Encoded Therapeutics Uses Precision Gene Therapies To Curb CNS Disorders

San Francisco-based Encoded Therapeutics develops precision medicine therapies to address the root of diseases, rather than simply mitigating the symptoms. While other pharma companies work on knocking out unwanted, defective genes, Encoded Therapeutics adds a new gene to the body, or replaces genes that are performing sub-optimally with a fully functioning facsimile.

The company recently raised $135 million in an oversubscribed Series D round of funding led by GV (formerly Google Ventures). Participation also came from Matrix Capital Management, ARCH Venture Partners, Illumina Ventures, RTW Investments, Boxer Capital, and many others. The capital will be used to drive a clinical trial, including a natural history study, on Dravet Syndrome, a severe form of epilepsy occurring in 1 in 16,000 births worldwide.

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The syndrome stems from mutations in the SCN1A gene, which Encoded hopes to further elucidate with a Phase 1 study slated to begin in 2021. The first human trials of their drug ETX101 will be made possible by the funding round. ETX101 was granted Orphan Drug Designation and Pediatric Disease Designation by the U.S. Food and Drug Administration for use as a therapy for Dravet Syndrome. The loss-of-function mutations to the SCN1A gene can lead to uncontrollable seizures, ataxia, severe developmental delays, and even 15-20% mortality rate before reaching adulthood. ETX101 is designed to overcome the mobility and coordination issues and developmental delays that plague those affected by Dravet.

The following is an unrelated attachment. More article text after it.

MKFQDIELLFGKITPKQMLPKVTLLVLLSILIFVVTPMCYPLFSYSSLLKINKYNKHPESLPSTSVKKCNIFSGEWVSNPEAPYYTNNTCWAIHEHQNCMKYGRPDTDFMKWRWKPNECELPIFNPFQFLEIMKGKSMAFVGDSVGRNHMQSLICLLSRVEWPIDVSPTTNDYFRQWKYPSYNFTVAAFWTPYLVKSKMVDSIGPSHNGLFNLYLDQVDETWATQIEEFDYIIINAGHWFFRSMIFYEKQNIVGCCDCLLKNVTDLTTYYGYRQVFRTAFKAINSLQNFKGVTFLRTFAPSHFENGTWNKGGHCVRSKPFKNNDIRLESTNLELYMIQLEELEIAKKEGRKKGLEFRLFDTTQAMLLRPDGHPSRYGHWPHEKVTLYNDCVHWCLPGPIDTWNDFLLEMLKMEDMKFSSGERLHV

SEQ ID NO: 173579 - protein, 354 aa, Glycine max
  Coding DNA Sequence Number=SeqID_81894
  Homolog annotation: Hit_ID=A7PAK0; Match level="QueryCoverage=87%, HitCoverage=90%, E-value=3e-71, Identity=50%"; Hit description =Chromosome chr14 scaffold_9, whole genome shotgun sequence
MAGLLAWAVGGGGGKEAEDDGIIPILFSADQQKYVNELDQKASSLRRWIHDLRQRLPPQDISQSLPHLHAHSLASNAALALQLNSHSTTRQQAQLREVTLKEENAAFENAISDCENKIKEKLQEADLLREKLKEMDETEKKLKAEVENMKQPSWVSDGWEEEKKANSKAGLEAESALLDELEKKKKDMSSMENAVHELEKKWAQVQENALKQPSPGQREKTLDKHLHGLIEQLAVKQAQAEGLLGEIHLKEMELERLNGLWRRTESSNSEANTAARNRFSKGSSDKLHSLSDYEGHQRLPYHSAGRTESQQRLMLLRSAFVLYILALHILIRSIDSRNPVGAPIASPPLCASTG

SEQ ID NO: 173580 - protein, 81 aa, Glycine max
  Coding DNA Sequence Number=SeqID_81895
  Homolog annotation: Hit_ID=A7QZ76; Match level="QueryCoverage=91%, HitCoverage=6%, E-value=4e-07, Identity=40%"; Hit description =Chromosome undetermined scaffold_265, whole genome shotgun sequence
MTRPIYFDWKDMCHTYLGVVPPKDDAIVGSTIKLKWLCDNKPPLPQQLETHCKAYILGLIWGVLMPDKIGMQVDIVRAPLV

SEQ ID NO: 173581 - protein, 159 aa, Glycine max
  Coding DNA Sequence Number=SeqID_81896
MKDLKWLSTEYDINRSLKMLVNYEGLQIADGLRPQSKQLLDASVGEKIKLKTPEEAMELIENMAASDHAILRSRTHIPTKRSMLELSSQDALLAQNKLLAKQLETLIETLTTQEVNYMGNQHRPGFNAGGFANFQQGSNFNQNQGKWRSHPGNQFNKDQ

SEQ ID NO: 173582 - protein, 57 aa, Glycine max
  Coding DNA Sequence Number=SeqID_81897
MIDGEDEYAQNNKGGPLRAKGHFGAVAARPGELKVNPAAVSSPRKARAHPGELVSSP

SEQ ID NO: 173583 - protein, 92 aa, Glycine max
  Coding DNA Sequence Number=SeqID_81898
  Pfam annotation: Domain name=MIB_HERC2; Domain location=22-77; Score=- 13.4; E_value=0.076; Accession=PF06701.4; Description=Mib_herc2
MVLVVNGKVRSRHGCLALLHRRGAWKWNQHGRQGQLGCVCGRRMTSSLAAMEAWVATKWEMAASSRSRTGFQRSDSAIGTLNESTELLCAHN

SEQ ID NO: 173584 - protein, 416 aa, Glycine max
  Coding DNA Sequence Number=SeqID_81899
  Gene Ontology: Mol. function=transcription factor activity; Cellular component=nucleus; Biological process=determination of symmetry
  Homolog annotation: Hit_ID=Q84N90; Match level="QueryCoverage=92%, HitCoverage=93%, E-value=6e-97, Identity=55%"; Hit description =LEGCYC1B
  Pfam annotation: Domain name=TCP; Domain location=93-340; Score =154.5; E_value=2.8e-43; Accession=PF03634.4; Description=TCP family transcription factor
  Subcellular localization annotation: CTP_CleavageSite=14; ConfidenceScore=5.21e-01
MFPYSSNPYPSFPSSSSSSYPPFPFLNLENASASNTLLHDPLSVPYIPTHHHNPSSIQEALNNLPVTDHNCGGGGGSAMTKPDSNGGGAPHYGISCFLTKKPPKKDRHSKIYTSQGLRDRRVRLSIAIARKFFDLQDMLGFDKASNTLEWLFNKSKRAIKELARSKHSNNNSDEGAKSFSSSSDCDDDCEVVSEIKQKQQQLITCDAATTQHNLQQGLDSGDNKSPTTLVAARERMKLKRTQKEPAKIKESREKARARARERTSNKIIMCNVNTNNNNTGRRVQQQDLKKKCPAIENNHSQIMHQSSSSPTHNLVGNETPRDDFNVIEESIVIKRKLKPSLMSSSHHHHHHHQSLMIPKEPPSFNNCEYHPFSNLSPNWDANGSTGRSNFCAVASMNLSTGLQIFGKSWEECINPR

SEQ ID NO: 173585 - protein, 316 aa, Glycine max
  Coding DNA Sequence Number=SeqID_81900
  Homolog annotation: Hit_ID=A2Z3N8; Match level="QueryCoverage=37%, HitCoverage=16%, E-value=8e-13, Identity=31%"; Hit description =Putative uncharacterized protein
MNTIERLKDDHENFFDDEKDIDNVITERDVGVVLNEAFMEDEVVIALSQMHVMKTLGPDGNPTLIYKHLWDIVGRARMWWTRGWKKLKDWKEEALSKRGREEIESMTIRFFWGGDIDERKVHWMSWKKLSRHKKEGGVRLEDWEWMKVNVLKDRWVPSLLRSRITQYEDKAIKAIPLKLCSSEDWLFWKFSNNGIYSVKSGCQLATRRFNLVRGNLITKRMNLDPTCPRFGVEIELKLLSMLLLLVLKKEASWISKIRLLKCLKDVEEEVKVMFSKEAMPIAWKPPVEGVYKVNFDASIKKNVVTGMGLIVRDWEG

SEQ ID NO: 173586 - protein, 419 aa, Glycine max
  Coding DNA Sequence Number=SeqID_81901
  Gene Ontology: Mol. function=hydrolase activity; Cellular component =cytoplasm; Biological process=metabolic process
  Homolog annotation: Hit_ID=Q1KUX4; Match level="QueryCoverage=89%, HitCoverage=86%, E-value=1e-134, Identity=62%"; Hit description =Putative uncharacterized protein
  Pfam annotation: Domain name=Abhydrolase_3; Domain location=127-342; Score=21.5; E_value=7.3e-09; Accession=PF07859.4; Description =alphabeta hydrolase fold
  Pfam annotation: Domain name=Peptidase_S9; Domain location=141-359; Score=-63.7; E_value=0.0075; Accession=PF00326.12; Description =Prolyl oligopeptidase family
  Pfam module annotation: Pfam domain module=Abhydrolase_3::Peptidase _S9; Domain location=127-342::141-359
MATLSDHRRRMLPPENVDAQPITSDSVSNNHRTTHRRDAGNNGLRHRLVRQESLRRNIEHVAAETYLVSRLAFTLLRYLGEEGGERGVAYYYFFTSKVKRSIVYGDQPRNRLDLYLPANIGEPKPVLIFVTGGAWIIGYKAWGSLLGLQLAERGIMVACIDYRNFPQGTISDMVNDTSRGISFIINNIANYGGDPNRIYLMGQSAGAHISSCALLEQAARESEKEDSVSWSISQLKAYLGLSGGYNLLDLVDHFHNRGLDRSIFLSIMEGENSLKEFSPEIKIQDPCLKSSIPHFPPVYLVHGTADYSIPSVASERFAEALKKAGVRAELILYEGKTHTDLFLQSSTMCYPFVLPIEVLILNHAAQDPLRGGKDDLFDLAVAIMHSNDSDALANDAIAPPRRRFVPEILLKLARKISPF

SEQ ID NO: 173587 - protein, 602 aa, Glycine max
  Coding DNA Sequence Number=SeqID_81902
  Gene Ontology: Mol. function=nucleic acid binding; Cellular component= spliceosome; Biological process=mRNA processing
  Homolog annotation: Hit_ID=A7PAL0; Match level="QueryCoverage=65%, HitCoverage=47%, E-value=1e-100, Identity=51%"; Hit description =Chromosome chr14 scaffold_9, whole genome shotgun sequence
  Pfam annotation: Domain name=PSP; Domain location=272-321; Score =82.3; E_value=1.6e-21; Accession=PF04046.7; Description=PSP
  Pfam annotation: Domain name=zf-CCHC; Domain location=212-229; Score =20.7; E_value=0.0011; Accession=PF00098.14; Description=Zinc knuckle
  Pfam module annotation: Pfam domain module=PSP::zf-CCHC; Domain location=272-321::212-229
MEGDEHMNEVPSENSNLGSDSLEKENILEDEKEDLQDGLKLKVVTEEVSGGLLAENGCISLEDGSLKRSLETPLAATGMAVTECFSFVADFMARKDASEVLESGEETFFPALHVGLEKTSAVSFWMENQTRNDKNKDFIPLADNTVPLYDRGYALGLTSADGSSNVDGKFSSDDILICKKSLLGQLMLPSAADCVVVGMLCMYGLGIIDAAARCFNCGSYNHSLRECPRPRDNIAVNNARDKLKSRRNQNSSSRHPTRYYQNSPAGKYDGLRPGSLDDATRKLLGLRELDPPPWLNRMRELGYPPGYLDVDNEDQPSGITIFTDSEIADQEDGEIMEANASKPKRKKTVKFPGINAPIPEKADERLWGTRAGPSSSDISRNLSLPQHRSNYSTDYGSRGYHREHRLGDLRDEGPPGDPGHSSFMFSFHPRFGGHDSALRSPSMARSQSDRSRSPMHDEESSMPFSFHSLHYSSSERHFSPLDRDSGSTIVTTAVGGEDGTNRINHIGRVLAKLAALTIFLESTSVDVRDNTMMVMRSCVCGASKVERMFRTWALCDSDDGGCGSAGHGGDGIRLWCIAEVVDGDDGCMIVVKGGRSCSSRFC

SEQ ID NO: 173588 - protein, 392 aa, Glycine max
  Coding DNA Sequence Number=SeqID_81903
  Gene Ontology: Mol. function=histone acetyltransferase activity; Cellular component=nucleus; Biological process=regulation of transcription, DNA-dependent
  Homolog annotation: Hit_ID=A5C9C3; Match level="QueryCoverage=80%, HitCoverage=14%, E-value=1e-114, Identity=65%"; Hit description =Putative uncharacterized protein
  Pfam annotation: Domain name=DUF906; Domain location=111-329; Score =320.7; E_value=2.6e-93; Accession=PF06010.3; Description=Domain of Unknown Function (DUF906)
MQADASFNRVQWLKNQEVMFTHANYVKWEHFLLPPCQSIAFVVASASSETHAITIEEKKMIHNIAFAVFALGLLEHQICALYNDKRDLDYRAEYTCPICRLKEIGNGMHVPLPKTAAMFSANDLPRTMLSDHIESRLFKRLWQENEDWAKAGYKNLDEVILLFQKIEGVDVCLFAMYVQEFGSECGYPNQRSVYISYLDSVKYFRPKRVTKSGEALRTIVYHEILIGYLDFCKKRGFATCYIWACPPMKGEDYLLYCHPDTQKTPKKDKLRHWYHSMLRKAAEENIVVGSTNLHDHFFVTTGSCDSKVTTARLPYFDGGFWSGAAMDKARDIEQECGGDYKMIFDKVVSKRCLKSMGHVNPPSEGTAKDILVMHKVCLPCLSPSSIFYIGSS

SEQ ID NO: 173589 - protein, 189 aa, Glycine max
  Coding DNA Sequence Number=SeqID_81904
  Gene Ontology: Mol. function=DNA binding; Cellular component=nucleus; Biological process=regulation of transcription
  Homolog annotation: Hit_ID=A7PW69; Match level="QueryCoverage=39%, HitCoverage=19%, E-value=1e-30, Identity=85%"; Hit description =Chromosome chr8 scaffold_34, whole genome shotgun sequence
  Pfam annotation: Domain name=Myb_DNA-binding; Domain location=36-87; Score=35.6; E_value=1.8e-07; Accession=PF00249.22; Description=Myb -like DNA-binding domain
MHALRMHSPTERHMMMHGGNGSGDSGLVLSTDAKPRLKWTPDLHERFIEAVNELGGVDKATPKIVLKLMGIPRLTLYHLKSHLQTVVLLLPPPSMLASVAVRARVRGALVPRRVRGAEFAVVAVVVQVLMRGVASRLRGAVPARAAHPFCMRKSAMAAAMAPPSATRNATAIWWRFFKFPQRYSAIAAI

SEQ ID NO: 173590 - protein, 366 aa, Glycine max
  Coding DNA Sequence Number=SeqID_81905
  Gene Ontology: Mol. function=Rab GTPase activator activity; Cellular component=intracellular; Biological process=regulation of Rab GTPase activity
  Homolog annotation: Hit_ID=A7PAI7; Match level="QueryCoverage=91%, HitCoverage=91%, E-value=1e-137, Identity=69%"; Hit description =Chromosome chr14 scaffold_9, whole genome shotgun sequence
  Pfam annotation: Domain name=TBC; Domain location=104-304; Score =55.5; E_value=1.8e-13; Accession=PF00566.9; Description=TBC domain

Preclinical studies have shown promise thus far – a single dose dramatically reduces seizures and extends survival in existing mouse models. The Series D round will finally allow Encoded to move the mouse studies over to human trials, and also support the company’s full pipeline of gene therapies in the works to alleviate other pediatric CNS disorders.

“Many of these pediatric disorders result in cell type-selective dysfunction, meaning a particular type of cell in the central nervous system is not operating appropriately, usually due to a single gene dysfunction,” said Kartik Ramamoorthi, Encoded Therapeutics’ CEO. With treatments that hone in on specific cells and their influence over a gene, Encoded hopes to develop solutions that will treat diseases in their totality, rather than just providing a temporary reprieve.